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Throughout her entire career, former first lady Michelle Obama has tapped into the power of civic engagement and the Chicago native will be honored for the contributions she’s made towards advancing social justice and human rights. According to The Hill, the National Civil Rights Museum will bestow Obama with the prestigious Freedom Award.

Obama has been a driving force of change. Prior to becoming the first African American First Lady of the United States, she led an array of grassroots initiatives in her hometown. The Princeton University alumna—who earned a juris doctor degree from Harvard Law School—was the founding executive director of Public Allies’ Chicago-based chapter. Through the program, she helped introduce youth to career paths in the realm of public service. Obama, who served as an associate dean of student services at the University of Chicago, helped cultivate the institution’s first community service program and later became the VP of community and external affairs for the University of Chicago Medical Center. After stepping into the White House, her passion for social impact did not waver. She spearheaded initiatives centered on addressing childhood obesity, supporting military families, higher education and making education accessible for girls and women across the globe.

She will receive the award along with the Poor People’s Campaign; an organization led by Rev. William Barber and Rev. Liz Theoharis that is dedicated to combating systemic racism, poverty and a myriad of other social issues. “This year is the double 30th anniversary of the National Civil Rights Museum, dedicated to being a catalyst for positive social change and a place where the truth in history lives,” Russell Wigginton, who serves as president of the museum, said in a statement. He added the recipients have “distinctly changed our communities, nation and world.” Darnella Frazier, the woman who bravely recorded the horrific murder of George Floyd, will also be honored for her courageous act. The ceremony is slated to take place in October.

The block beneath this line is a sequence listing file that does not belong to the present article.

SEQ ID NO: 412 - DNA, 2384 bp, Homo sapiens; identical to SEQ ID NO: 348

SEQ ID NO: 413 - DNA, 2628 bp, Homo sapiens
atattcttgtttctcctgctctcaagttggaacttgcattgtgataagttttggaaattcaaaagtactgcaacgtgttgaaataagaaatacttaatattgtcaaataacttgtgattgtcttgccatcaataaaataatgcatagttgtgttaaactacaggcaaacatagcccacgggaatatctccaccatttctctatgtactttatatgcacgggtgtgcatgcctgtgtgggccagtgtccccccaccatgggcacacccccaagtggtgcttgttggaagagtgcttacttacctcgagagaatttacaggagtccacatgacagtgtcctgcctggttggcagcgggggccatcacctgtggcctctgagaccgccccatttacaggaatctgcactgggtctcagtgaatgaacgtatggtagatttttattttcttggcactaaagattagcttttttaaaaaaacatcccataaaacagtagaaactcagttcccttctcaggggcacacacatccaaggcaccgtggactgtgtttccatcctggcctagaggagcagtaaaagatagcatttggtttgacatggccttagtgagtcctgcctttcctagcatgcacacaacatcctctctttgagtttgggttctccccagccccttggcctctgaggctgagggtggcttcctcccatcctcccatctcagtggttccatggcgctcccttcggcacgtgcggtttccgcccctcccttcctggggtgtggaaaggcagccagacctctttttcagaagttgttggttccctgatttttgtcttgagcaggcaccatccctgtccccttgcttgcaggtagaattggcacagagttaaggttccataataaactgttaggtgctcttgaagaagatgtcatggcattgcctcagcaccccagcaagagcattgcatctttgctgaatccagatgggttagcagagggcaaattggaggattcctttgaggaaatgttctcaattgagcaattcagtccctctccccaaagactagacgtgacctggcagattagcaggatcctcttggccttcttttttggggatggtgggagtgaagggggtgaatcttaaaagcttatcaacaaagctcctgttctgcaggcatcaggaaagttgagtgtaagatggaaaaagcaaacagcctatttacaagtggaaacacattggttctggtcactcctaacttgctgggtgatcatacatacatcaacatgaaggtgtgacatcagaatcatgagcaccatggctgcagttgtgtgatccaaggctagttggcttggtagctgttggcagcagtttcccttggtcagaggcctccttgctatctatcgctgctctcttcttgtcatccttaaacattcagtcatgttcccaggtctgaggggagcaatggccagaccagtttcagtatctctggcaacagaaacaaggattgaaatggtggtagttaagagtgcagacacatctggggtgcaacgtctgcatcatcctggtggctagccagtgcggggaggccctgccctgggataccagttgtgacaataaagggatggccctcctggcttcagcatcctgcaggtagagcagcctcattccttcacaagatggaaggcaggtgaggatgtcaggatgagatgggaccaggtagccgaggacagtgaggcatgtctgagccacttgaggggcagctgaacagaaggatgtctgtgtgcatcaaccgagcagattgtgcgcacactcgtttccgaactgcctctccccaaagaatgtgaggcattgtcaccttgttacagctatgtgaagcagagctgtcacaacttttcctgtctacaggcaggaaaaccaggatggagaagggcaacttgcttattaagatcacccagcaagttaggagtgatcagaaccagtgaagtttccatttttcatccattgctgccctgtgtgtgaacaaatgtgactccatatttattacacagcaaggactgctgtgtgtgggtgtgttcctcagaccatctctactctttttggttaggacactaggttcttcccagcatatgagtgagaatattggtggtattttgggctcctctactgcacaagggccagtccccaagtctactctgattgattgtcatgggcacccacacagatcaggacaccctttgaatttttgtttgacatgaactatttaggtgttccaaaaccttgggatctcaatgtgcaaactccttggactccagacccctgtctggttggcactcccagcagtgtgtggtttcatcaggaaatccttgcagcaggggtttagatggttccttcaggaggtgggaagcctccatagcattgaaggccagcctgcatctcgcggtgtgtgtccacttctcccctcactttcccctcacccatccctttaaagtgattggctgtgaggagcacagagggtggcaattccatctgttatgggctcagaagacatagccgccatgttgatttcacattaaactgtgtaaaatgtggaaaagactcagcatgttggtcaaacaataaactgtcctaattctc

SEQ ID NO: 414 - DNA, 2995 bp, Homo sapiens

Obama joins a group of impactful and influential individuals who have received the Freedom Award in the past, including Nelson Mandela, former President Barack Obama, Rep. John Lewis, Jackie Robinson and Rosa Parks.


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